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Tensor Network Truncated Conformal Space Approach

Project description

A new window to strongly interacting 1D many-body systems

Ultracold atom experiments study the properties and behaviours of small ensembles of atoms, so-called many-body systems, cooled to the lowest temperatures in the universe. This opens a window to fully quantum mechanical motion, and controlling it paves the way for quantum thermal machines. The numerical simulation of the out-of-equilibrium dynamics in such systems remains a challenge. With the support of the Marie Skłodowska-Curie Actions programme, the TNTCSA project is developing a novel numerical technique to simulate quantum dynamics in continuous 1D and strongly interacting models. Its application to ultracold atom experiments both in and out of equilibrium could support the design of a quantum field thermal machine.


One of the central research problems in theoretical physics is the dynamics of quantum many-body systems. A challenging open problem is the numerical simulation of out-of-equilibrium dynamics in continuous strongly-interacting models of quantum field theory, which in contrast to lattice models remain hard to study. This has recently become a pressing task, due to rapid advances in ultra-cold atom experiments that have achieved a realisation of the sine-Gordon model, a one-dimensional quantum field theory exhibiting topological excitations.
The proposed research aims at:
1. The development of a new numerical technique to be named “Tensor Network Truncated Conformal Space Approach” (TNTCSA) for the numerical simulation of quantum dynamics in continuous one-dimensional and strongly-interacting models of significant experimental interest. The method will be built upon the standard TCSA method optimised by using an efficient adaptive truncation scheme, based on Tensor Network techniques also used in the Density Matrix Renormalisation Group and Matrix Product State methods.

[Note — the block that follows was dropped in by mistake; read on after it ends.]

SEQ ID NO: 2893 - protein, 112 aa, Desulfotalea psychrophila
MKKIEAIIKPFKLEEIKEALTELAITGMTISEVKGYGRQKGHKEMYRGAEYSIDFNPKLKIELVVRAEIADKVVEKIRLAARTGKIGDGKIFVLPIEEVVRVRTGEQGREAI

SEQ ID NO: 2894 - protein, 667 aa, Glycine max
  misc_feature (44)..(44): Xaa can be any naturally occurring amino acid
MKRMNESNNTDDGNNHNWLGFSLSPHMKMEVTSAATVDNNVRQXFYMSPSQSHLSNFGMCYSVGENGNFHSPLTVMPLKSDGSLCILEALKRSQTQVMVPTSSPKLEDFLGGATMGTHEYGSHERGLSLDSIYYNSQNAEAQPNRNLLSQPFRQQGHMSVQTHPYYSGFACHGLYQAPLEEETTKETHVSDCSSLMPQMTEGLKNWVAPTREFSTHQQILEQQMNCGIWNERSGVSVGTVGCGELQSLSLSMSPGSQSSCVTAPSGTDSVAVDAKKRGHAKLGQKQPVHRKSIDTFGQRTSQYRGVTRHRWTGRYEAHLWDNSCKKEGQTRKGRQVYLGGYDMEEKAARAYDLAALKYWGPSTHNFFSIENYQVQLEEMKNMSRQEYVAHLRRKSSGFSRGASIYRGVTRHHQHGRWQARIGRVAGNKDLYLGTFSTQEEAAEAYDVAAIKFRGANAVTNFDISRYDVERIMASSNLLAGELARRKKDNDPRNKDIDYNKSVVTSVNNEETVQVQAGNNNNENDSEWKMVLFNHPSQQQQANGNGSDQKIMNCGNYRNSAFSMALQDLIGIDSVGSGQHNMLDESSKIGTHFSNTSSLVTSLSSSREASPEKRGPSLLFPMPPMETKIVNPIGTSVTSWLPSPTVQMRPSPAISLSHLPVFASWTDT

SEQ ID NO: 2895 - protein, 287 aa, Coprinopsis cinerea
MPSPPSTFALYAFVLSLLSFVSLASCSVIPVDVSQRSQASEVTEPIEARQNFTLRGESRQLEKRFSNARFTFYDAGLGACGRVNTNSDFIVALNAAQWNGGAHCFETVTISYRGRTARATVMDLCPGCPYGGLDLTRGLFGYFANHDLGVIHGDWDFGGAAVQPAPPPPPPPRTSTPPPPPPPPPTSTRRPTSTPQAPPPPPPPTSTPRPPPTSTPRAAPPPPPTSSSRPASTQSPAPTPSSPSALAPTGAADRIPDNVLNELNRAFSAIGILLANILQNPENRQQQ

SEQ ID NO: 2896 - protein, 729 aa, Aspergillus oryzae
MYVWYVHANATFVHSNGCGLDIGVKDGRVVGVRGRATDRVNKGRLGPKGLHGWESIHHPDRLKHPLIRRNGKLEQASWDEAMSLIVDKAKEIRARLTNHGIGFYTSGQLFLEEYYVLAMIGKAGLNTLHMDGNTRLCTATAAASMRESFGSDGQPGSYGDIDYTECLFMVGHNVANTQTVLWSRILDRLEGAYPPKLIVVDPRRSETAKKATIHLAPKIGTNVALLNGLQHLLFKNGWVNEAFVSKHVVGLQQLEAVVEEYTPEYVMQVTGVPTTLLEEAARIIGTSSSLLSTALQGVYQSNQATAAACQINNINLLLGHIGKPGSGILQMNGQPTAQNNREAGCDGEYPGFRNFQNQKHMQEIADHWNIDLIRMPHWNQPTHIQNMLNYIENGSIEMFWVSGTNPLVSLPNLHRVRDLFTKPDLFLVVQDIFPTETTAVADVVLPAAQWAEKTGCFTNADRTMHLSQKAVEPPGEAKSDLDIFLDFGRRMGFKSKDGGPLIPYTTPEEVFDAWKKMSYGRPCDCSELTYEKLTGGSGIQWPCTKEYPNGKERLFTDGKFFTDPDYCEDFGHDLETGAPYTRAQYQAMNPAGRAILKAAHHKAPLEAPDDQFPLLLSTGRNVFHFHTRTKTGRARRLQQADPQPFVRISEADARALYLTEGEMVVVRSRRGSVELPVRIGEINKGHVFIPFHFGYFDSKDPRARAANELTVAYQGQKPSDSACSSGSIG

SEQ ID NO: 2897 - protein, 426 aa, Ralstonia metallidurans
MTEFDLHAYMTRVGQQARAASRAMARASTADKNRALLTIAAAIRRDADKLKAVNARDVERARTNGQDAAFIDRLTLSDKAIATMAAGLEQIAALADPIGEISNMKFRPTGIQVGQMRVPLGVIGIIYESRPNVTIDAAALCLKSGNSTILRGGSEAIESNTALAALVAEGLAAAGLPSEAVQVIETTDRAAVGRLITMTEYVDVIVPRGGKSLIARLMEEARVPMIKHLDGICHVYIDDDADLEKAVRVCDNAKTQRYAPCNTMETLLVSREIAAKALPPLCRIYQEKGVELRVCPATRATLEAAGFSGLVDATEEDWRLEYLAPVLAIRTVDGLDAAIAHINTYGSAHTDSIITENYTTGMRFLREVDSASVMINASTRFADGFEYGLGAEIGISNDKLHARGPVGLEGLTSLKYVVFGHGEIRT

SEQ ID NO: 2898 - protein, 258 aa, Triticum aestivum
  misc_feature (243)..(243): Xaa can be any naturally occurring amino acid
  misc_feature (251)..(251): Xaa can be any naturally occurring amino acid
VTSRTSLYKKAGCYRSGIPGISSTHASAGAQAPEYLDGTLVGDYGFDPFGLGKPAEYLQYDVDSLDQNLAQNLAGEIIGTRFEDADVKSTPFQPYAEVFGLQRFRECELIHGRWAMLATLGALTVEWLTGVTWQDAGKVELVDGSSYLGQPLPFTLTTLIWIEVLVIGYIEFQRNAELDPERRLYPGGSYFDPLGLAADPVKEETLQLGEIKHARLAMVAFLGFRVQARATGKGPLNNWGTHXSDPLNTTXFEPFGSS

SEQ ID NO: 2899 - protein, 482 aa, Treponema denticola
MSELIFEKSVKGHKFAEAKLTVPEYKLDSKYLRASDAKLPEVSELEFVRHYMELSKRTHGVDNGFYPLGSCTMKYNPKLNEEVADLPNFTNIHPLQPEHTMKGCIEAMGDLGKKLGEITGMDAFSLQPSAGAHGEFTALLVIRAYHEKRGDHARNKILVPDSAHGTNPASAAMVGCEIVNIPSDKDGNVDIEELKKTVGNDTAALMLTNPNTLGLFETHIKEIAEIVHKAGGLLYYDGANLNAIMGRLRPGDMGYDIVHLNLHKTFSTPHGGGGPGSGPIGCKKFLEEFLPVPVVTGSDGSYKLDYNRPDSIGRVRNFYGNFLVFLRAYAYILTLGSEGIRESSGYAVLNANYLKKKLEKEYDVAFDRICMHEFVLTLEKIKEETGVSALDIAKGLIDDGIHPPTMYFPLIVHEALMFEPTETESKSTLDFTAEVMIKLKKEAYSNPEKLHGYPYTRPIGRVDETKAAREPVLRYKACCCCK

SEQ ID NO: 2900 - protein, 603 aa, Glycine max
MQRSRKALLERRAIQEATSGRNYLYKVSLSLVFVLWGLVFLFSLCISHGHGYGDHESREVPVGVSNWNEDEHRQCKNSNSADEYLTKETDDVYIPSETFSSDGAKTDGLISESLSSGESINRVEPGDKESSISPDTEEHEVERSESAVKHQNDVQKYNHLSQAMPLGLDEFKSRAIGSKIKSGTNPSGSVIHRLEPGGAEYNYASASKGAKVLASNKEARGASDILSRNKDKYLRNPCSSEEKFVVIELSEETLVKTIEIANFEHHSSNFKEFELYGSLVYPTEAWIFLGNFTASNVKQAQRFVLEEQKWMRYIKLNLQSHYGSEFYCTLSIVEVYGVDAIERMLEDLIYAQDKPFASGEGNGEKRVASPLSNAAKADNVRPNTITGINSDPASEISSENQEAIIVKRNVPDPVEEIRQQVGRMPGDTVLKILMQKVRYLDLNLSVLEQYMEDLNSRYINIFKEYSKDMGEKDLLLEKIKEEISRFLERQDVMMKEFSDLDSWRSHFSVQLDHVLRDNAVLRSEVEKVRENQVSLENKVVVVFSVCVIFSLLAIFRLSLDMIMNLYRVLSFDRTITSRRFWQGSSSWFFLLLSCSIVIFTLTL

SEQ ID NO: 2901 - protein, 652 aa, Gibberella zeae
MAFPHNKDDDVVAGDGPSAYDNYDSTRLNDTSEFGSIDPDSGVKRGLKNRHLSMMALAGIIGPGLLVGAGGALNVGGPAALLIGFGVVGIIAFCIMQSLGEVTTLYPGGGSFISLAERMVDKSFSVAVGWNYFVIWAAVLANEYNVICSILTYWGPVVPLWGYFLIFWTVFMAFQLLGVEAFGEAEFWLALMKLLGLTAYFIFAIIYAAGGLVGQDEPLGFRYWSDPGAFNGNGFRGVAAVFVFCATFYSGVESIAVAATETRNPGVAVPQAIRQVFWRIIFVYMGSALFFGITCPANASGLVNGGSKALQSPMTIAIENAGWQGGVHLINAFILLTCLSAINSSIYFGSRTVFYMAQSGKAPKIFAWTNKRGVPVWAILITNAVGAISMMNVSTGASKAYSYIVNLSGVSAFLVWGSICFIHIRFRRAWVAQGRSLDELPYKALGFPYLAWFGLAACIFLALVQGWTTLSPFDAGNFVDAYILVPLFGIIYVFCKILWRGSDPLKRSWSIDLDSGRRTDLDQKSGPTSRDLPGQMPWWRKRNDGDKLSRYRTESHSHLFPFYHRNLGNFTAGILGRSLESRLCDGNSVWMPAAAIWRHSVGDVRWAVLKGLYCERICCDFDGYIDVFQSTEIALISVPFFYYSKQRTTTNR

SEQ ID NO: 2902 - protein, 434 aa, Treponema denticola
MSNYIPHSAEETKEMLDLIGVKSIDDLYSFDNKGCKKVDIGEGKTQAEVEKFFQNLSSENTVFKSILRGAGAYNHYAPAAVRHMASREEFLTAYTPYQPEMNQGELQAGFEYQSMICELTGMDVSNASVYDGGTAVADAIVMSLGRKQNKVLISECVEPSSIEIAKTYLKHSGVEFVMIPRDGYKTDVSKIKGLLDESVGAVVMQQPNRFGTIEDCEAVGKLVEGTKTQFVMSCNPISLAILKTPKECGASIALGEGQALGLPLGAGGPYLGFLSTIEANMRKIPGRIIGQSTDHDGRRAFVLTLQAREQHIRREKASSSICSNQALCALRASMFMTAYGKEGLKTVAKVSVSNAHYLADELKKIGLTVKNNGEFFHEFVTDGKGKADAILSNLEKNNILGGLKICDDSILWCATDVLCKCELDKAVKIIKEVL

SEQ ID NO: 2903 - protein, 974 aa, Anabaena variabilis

2. The application of the new method for the simulation of the above mentioned ultra-cold atom experiments, both in and out of equilibrium. We will compute theoretical predictions for equilibrium and dynamical correlations of the quantum sine-Gordon model and compare with experimental data to obtain a precise modelling of the experimental system.
3. Building upon this, we will devise a blueprint for experimentally realising a quantum field thermal machine, whose operation will be based on the application of controllable space and time dependent external potentials.
The new method is expected to have applications in a broad range of physics areas from particle physics to statistical mechanics and atomic physics.


Net EU contribution
€ 174 806,40
Kaiserswerther strasse 16-18
14195 Berlin

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Berlin Berlin Berlin
Activity type
Higher or Secondary Education Establishments
Other funding
€ 0,00